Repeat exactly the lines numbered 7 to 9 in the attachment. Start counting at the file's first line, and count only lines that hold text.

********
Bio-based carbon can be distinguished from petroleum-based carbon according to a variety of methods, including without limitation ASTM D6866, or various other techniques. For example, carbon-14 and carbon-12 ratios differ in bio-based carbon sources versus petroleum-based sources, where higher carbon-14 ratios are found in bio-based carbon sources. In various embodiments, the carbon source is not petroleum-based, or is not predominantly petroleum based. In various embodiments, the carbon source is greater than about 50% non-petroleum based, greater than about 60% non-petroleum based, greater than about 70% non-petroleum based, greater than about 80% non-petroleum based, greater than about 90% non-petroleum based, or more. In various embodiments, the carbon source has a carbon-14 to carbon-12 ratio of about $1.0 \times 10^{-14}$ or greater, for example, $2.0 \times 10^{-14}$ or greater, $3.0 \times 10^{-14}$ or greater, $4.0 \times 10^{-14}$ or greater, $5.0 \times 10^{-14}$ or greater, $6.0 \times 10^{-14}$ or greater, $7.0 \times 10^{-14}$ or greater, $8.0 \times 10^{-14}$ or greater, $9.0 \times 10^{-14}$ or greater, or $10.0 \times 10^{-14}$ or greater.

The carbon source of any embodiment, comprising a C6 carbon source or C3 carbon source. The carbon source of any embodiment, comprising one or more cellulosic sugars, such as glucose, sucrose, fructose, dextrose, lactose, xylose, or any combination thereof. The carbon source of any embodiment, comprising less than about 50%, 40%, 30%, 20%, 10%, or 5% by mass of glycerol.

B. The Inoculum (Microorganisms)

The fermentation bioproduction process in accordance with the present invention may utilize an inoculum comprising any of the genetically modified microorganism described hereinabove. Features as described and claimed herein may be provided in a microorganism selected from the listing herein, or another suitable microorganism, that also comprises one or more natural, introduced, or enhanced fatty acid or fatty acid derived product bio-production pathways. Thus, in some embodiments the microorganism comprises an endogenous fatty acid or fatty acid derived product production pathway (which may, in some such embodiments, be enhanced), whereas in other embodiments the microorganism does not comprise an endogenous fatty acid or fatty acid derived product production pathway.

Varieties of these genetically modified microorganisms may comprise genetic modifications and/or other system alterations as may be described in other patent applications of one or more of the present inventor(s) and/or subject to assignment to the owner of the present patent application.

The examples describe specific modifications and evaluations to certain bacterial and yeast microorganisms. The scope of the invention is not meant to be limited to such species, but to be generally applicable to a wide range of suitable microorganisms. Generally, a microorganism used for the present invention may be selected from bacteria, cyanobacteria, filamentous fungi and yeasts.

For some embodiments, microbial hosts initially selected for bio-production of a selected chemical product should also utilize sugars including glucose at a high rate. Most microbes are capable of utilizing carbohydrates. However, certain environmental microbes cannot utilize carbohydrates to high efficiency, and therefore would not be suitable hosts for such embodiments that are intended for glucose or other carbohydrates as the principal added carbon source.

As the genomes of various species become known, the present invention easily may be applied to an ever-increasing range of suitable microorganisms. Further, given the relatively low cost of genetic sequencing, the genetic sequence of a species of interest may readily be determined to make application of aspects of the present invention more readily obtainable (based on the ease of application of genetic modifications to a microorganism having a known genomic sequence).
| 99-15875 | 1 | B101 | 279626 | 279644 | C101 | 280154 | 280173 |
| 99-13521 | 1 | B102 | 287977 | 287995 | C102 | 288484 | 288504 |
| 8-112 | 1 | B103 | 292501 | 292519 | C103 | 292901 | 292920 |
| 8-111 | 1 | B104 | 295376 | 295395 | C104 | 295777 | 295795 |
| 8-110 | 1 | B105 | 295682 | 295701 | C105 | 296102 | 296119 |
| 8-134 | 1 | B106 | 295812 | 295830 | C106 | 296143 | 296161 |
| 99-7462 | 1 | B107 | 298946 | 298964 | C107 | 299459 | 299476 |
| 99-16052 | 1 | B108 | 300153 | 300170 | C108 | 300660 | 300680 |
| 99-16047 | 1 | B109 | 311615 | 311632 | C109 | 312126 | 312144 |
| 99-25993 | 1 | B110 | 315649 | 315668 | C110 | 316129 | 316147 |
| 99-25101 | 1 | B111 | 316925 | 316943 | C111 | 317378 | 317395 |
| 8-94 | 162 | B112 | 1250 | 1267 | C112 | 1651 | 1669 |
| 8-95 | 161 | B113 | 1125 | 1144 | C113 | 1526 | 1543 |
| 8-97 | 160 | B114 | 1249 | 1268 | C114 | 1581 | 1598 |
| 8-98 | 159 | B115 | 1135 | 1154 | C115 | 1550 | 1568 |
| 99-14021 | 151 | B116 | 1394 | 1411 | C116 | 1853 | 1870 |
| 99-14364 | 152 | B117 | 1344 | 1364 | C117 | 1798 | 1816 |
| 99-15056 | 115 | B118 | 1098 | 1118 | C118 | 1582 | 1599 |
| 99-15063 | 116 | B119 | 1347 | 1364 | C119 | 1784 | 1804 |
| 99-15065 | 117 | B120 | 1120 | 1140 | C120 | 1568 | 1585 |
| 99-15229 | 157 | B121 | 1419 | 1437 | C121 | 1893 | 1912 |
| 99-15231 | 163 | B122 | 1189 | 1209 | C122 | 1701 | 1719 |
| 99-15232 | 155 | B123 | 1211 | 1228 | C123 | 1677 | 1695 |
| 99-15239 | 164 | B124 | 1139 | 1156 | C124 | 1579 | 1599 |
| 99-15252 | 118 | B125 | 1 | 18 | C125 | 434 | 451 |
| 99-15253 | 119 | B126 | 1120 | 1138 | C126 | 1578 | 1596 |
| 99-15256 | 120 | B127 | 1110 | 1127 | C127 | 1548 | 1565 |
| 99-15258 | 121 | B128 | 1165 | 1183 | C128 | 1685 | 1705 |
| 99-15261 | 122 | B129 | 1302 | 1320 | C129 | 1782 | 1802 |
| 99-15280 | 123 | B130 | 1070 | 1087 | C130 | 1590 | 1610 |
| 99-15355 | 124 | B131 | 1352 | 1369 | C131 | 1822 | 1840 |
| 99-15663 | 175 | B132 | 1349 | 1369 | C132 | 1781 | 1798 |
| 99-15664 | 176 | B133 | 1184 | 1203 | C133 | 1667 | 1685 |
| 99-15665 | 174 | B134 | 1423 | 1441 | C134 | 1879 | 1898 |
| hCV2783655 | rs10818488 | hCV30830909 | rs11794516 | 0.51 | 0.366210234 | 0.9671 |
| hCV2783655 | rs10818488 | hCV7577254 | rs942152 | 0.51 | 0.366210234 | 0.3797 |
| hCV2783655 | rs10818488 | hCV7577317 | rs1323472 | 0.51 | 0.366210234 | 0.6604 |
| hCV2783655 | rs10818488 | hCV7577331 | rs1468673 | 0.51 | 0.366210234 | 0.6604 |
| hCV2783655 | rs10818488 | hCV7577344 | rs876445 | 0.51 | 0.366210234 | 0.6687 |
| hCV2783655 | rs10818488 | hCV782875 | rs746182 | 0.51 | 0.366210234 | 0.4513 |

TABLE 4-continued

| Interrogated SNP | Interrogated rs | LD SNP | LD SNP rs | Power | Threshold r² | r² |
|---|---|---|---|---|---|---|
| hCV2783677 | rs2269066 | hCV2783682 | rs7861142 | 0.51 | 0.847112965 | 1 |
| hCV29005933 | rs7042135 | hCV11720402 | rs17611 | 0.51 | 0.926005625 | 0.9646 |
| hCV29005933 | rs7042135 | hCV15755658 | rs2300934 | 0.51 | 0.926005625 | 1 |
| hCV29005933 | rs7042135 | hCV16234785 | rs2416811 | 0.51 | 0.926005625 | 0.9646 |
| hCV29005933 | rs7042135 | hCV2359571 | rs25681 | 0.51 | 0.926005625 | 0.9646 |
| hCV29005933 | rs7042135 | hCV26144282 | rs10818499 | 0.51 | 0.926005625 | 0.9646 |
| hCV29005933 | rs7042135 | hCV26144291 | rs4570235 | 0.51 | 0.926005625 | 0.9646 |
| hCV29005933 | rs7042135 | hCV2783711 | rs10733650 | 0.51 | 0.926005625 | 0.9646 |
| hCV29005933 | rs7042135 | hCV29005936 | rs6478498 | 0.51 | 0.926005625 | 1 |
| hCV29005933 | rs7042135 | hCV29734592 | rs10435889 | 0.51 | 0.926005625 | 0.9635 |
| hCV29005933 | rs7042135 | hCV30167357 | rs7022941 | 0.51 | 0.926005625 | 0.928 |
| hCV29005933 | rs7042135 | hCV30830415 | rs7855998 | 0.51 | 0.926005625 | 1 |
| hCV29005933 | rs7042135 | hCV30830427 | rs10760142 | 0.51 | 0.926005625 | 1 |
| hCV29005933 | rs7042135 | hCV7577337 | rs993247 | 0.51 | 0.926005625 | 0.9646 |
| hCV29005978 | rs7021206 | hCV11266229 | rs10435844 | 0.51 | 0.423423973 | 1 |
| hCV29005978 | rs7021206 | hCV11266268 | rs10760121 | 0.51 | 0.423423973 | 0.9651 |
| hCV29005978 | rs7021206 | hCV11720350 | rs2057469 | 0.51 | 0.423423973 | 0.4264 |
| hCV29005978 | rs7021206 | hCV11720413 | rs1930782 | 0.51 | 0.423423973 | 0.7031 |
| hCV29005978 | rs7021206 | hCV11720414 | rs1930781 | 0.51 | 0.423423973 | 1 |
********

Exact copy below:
For some embodiments, microbial hosts initially selected for bio-production of a selected chemical product should also utilize sugars including glucose at a high rate. Most microbes are capable of utilizing carbohydrates. However, certain environmental microbes cannot utilize carbohydrates to high efficiency, and therefore would not be suitable hosts for such embodiments that are intended for glucose or other carbohydrates as the principal added carbon source.

As the genomes of various species become known, the present invention easily may be applied to an ever-increasing range of suitable microorganisms. Further, given the relatively low cost of genetic sequencing, the genetic sequence of a species of interest may readily be determined to make application of aspects of the present invention more readily obtainable (based on the ease of application of genetic modifications to a microorganism having a known genomic sequence).
| 99-15875 | 1 | B101 | 279626 | 279644 | C101 | 280154 | 280173 |